Encyclopedia of Signaling Molecules

2018 Edition
| Editors: Sangdun Choi

p66Shc

Reference work entry
DOI: https://doi.org/10.1007/978-3-319-67199-4_101504

Synonyms

Historical Background

The Shc family of proteins consists four members, ShcA, ShcB, ShcC, and ShcD, of which the best characterized to date is ShcA (Rozakis-Adcock et al. 1992). ShcA, or simply Shc, was identified in 1992 as an adaptor protein which linked the activated EGFR (epidermal growth factor receptor) to Ras and the MAP (mitogen-activated protein) kinase cascade (Ravichandran 2001). Shc is expressed as three isoforms which have the molecular weights of 66, 52, and 46 kDa, respectively. These isoforms are designated according to their molecular weight. p66Shc is the longest isoform of the three and also consists of the collagen homology domain (CH2), which is unique to it.

P66Shc Structure

All proteins of the Shc family share a unique and highly conserved domain organization, having an N-terminal PTB domain and a C-terminal SH2 domain. Collagen homology (CH1) is proline-rich central domain which in humans has three phosphorylatable tyrosine residues 239/240 and 317 (Fig. 1). When these residues are phosphorylated, they lead to recruitment of Grb2/Sos to the plasma membrane (Ravichandran 2001). These two Grb2 binding sites have been proposed to couple cell surface receptors either to fos-dependent cell proliferation (Y317) or to myc-dependent cell survival (YY239/240) in some mammalian cell types (Gotoh et al. 1996). Since the proportion of proline residues is high in the CH1 domain, they are prone to SH3 domain-dependent interactions, thus strengthening the concept and capacity of Shc proteins to function as molecular adaptors. p66Shc which is the longest isoform has an additional N-terminal CH domain, termed CH2, which can be phosphorylated at a serine residue at position 36 (S36) (Fig. 1). Mouse-based studies lacking p66Shc have revealed an unforeseen role of p66Shc in apoptotic responses to oxidative stress and in aging (Migliaccio et al. 1999).
p66Shc, Fig. 1

Schematic structure of p66Shc protein

P66Shc and Cell Signaling

p46Shc and p52Shc are ubiquitously expressed, while p66Shc is expressed at different level in various tissues. p66Shc, upon stimulation by growth factors, is tyrosine phosphorylated by receptor tyrosine kinases. p66Shc upon tyrosine phosphorylation binds Grb2 and is unable to activate the Ras-MAPK-Fos pathways (Migliaccio et al. 1997, 1999). Ras signaling pathway is also inhibited when p66Shc is overexpressed upon stimulation by growth factors or cytokines (Migliaccio et al. 1997; Okada et al. 1997). Stimulation of MEK (MAPK-ERK kinase)/ERK (extracellular signal-regulated kinase) pathway by insulin growth factor 1 (IGF-1) is also inhibited by p66Shc. This pathway is required by the actin cytoskeleton phosphorylation in skeleton muscle myoblasts (Nemoto et al. 2006). Another adaptor protein E3b1 together with Eps8 also plays a role in regulating the phosphorylation, reducing ubiquitylation, and increasing the stability of p66Shc protein through Rac1. Sos1 can exist in a complex with Eps8/E3b1, and the complex of Sos1/Eps8/E3b1 leads to the activation of Rac1 (Innocenti et al. 2002). p66Shc plays the role of a switch to dissociate Sos1 from the Grb2/Sos1 pool to Eps8/E3b1 pool. This in turn leads to Rac1 activation and as a result leads to an increase in the generation of oxidants (Migliaccio et al. 1997). Increased binding of p66Shc to activated EGFR and Grb2 occurs during severe oxidative stress. This binding leads to the dissociation of the Sos1 adaptor protein from the EGFR-recruited signaling complex. These events lead to the termination of the Ras/MEK/ERK activation, which further lead to varied downstream effects including cell proliferation, cell differentiation, apoptosis, carcinogenesis, etc. (Arany et al. 2008) (Fig. 2).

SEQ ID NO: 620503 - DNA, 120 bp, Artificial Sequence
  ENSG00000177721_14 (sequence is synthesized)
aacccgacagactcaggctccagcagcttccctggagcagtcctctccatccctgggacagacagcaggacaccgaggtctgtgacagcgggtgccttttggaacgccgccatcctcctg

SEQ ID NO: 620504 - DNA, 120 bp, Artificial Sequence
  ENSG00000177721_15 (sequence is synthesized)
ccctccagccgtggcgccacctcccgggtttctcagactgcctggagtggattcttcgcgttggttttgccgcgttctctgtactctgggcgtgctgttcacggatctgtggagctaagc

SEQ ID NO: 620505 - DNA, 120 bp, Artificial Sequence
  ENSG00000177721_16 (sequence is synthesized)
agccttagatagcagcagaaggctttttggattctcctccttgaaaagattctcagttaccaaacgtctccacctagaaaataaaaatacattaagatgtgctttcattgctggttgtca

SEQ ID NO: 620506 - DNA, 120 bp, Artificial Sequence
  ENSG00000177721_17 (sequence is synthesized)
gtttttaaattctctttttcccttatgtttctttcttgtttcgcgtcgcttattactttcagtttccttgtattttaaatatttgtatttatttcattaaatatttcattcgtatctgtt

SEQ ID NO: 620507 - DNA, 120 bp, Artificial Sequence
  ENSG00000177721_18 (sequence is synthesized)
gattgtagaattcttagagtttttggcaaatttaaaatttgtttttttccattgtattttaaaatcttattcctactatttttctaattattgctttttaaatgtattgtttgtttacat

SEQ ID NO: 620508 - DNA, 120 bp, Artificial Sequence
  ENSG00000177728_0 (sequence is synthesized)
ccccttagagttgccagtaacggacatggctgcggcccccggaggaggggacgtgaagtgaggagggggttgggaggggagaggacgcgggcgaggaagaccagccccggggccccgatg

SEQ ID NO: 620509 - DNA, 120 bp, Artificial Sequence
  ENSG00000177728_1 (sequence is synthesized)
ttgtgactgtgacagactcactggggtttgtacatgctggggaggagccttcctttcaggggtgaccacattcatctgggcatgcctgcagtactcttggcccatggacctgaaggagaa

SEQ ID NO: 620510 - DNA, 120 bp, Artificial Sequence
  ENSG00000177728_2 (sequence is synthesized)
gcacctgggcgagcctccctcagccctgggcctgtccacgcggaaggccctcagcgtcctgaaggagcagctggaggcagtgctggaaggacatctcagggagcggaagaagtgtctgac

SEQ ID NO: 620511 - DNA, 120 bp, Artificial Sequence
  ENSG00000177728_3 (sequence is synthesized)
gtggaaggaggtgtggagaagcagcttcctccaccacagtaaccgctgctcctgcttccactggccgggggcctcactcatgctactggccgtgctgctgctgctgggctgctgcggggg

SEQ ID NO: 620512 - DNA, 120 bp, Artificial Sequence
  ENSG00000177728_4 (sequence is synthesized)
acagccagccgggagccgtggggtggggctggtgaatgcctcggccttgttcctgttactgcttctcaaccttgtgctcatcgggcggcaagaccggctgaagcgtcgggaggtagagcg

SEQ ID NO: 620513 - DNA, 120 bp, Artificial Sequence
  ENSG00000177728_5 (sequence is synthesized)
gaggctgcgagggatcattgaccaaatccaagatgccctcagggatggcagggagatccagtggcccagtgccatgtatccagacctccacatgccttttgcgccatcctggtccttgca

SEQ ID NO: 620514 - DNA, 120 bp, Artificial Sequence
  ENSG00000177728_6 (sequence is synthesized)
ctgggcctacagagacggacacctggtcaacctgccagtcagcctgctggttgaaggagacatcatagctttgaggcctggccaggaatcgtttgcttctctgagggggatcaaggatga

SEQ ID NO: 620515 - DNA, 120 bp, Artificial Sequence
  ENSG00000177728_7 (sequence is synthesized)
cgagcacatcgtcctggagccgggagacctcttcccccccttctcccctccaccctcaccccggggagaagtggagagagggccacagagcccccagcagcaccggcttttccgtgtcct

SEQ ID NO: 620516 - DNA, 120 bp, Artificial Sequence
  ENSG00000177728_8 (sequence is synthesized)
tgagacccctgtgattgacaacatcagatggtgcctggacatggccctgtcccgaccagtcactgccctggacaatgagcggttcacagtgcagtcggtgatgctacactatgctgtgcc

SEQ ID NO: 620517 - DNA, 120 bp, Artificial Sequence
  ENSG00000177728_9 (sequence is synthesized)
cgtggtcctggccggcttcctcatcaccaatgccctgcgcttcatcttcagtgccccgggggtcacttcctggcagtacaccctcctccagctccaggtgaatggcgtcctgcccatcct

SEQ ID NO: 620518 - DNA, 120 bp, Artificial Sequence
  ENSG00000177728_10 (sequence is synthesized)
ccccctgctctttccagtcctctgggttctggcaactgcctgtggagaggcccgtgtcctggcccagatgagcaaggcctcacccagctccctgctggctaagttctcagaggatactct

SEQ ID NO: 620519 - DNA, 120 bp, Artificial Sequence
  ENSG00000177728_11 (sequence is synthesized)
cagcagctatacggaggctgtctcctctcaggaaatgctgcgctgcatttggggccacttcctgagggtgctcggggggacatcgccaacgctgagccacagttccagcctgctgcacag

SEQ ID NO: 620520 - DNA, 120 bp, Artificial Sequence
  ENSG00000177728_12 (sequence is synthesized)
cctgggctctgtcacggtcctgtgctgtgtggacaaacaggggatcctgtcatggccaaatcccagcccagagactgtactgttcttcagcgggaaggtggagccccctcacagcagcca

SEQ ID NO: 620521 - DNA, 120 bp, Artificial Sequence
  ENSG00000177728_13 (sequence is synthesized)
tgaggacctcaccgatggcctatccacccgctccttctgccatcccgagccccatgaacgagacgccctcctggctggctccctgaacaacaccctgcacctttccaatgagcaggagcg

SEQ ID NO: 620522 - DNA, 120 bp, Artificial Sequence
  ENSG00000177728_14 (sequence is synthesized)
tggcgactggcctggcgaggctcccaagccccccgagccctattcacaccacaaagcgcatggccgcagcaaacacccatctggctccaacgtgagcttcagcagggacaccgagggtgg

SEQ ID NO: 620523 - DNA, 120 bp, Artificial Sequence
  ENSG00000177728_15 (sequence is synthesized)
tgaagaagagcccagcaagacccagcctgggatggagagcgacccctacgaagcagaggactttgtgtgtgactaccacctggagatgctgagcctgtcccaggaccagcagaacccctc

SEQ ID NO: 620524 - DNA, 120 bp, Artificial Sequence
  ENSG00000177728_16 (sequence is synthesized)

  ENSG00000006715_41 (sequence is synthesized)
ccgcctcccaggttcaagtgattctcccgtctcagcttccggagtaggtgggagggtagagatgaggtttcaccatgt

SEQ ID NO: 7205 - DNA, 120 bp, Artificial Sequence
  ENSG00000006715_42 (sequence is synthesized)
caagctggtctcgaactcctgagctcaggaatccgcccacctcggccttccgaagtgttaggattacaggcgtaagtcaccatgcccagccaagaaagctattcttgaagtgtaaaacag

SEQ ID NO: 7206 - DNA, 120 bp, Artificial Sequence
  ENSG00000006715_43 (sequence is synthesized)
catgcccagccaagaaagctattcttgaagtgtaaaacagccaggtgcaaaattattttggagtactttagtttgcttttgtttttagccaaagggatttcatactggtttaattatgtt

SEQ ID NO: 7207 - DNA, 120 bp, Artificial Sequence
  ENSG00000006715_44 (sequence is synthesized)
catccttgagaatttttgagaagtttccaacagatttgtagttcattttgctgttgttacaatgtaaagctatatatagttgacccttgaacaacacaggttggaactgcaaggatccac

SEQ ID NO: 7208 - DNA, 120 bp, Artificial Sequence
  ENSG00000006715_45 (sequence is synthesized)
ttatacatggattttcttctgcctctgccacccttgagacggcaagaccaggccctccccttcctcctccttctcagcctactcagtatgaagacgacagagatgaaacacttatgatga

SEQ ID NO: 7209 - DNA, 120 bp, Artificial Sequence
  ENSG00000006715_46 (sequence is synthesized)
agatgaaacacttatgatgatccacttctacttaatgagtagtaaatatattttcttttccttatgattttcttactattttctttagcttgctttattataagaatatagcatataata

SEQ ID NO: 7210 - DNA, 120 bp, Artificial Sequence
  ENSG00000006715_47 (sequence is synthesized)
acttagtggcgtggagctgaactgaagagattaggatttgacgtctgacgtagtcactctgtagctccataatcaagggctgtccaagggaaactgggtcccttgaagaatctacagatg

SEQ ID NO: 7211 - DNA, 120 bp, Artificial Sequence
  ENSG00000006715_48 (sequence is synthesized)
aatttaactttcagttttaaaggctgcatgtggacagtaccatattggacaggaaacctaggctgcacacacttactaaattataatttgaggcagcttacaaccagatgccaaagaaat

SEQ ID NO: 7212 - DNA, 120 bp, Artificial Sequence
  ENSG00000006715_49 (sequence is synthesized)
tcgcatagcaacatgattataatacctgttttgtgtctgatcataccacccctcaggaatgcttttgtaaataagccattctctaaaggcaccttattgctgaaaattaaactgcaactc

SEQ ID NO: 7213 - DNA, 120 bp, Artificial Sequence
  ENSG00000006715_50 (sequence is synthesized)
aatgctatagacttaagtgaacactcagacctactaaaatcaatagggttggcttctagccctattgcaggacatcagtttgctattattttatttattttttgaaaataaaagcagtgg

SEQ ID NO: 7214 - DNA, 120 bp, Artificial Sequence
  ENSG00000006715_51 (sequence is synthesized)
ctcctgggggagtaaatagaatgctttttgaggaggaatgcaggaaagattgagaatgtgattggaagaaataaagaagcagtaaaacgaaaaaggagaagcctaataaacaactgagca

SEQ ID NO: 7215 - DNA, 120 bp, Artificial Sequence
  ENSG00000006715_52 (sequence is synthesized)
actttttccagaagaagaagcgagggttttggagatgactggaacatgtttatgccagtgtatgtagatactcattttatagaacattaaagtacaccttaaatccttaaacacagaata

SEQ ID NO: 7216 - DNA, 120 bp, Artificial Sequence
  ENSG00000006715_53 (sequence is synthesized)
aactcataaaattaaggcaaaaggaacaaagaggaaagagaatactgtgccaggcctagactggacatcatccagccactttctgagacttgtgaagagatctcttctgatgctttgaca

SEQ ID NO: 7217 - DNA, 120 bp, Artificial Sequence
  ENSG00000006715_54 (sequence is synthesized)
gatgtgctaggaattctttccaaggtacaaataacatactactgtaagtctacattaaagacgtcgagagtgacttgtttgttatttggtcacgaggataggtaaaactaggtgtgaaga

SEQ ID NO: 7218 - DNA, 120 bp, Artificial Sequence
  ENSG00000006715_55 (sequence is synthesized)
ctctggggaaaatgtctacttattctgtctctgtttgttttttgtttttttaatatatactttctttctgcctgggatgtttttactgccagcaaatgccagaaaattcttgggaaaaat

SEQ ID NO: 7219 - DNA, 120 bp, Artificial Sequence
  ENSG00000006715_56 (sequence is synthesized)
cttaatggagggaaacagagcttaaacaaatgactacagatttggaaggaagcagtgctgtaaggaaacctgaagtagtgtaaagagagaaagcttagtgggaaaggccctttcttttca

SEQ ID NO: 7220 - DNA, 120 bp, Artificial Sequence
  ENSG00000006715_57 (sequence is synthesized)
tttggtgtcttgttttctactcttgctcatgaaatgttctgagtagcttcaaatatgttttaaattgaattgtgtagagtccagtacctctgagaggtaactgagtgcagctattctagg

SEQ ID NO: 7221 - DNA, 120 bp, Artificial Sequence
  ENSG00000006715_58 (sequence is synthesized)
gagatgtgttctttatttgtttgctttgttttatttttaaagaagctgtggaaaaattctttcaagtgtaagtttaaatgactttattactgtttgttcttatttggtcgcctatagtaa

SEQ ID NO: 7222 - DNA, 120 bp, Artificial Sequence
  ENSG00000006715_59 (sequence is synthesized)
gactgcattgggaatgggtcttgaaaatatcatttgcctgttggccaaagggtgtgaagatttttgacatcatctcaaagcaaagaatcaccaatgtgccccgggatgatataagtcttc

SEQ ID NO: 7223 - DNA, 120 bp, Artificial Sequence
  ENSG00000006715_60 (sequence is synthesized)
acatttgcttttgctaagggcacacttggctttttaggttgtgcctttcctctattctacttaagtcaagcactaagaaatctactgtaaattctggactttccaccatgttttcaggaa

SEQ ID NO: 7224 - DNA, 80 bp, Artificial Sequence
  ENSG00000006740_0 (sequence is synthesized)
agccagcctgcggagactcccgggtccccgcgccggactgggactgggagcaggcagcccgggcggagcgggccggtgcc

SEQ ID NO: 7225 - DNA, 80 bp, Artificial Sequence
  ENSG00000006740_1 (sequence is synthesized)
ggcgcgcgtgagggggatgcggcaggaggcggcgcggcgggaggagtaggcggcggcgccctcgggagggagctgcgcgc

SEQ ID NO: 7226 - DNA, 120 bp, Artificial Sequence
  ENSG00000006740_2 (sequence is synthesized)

p66Shc, Fig. 2

Schematic representation of the role of p66Shc in cell signaling and downstream effects

Consequences of P66Shc Phosphorylations

Under oxidative stress the S36 residue of p66Shc is phosphorylated. Treatment with an iron-containing porphyrin, hemin, increased the phosphorylation of p66Shc at the S36 residue. In hemin-treated K562 erythroleukemic cells, p66Shc was transcriptionally activated through the ARE (antioxidant response element)-Nrf2 (NF-E2-related factor 2) pathway (Miyazawa and Tsuji 2014). In human colon carcinoma cell line RKO and in diploid human dermal fibroblasts, suppression in the production of ROS was seen in shRNA-mediated knockdown of p66Shc, and an increase in the production of ROS was observed upon overexpression of a recombinant p66Shc. These effects were not seen in the electron transport chain-deficient ρ0-RKO cells. These ρ0-RKO cells are mitochondrial DNA-depleted cells.